Detective David Margentino and Michael Proto of the Ocean County Prosecutor’s Office Vehicular Homicide Unit also responded, in addition to detectives Michael Senger and Anthony Giardina from the Ocean County Sheriff’s Department Criminal Investigation Unit. The New Jersey State Police Commercial Carrier South Inspection Unit also responded to assist with the investigation.

ted nagel August 16, 2012 at 01:08 AM
I am a bicyclist in the area. The drivers on Rt 88 are always passing in the right of way and generally not paying attention. This also happens on Princeton, which has a bike path. Drivers just cross the line and turn in front of bicyclists. The cyclist in this story had the right of way! They will be more unfortunate deaths until the local police start to site those who violate right of way. My thoughts go out the man and his family. I saw him a couple of times a week at his place of work. A really nice person.
KingNeptune August 16, 2012 at 02:28 AM
The truck driver was not passing on the right, he was making a right turn. And I've seen hundreds of bicyclist who violate the right of way all the time.
bg robbins August 16, 2012 at 04:16 AM
If the truck driver saw the bicyclist in his rear view mirror, it would seem only fair and prudent to give him some space.
pete August 16, 2012 at 10:30 AM
the biker was passing on the right under the rear view mirror where he would not be seen! passing on the right is illegal in most states, and bikers must obey motor vehicle laws!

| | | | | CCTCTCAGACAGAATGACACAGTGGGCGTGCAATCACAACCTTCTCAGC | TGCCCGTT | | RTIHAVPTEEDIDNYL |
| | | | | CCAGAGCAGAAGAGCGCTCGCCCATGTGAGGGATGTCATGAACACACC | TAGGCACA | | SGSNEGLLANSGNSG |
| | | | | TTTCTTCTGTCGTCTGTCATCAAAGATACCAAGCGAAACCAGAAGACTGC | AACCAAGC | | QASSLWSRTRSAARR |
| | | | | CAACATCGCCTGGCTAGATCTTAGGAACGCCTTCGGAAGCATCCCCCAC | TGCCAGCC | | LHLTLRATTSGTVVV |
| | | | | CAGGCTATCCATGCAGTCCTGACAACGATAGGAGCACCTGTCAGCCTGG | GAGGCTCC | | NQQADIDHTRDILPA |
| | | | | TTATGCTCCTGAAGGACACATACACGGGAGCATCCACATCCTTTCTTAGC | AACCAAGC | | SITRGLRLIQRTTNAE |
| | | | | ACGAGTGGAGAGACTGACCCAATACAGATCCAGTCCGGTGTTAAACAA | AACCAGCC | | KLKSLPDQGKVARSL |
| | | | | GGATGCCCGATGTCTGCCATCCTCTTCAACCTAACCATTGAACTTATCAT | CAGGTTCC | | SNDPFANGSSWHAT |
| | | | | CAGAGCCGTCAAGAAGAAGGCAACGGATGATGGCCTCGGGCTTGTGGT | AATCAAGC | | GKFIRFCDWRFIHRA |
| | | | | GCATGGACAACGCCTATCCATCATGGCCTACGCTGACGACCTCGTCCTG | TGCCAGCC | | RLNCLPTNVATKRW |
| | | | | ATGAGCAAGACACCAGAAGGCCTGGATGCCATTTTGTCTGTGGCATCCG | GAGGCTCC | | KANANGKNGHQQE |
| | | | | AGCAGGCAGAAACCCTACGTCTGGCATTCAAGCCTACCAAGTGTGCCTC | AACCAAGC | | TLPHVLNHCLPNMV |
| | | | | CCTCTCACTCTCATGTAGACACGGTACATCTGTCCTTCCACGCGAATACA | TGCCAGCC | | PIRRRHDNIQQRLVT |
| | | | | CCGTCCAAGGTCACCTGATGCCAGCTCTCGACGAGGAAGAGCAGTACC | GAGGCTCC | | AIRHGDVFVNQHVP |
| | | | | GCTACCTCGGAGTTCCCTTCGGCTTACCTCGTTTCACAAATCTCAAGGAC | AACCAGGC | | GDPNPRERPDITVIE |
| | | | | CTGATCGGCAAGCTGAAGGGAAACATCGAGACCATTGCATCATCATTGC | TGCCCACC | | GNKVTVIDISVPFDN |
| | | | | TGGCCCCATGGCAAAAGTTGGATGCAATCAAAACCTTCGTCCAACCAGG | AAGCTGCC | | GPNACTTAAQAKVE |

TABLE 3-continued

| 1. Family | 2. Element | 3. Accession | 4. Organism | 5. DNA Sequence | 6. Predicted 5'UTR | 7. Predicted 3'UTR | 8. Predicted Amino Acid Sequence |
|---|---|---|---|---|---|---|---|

lance August 16, 2012 at 11:12 AM
When will they release his name?
Da Poppa August 16, 2012 at 12:19 PM
It's hard to say definitely that the cyclist had the right of way, but based upon the following facts: 1) both traveling westbound 2) truck stopped at red light 3) truck makes turn and cyclist is hit by cab (not the trailer) Despite what non-cyclists think, the cyclist in this instance HAD THE RIGHT OF WAY. It's incumbent upon the truck driver to ensure he clear path before turning. it's a tragic accident, the trucker did not mean to hit the cyclist, but fault lies somewhere, in this case on the trucker. The cyclist wad riding to the far right, with traffic. Thats following the law. If you're in your car in the right lane, and someone passes you on the left then turns in front of you, it is illegal. You have the right of way. If the cyclist was instead a pedestrian walking along the edge of the road into the intersection, they have the right of way. So now we have a cyclist, and suddenly he doesn't have the right of way? Wrong, wrong, wrong ...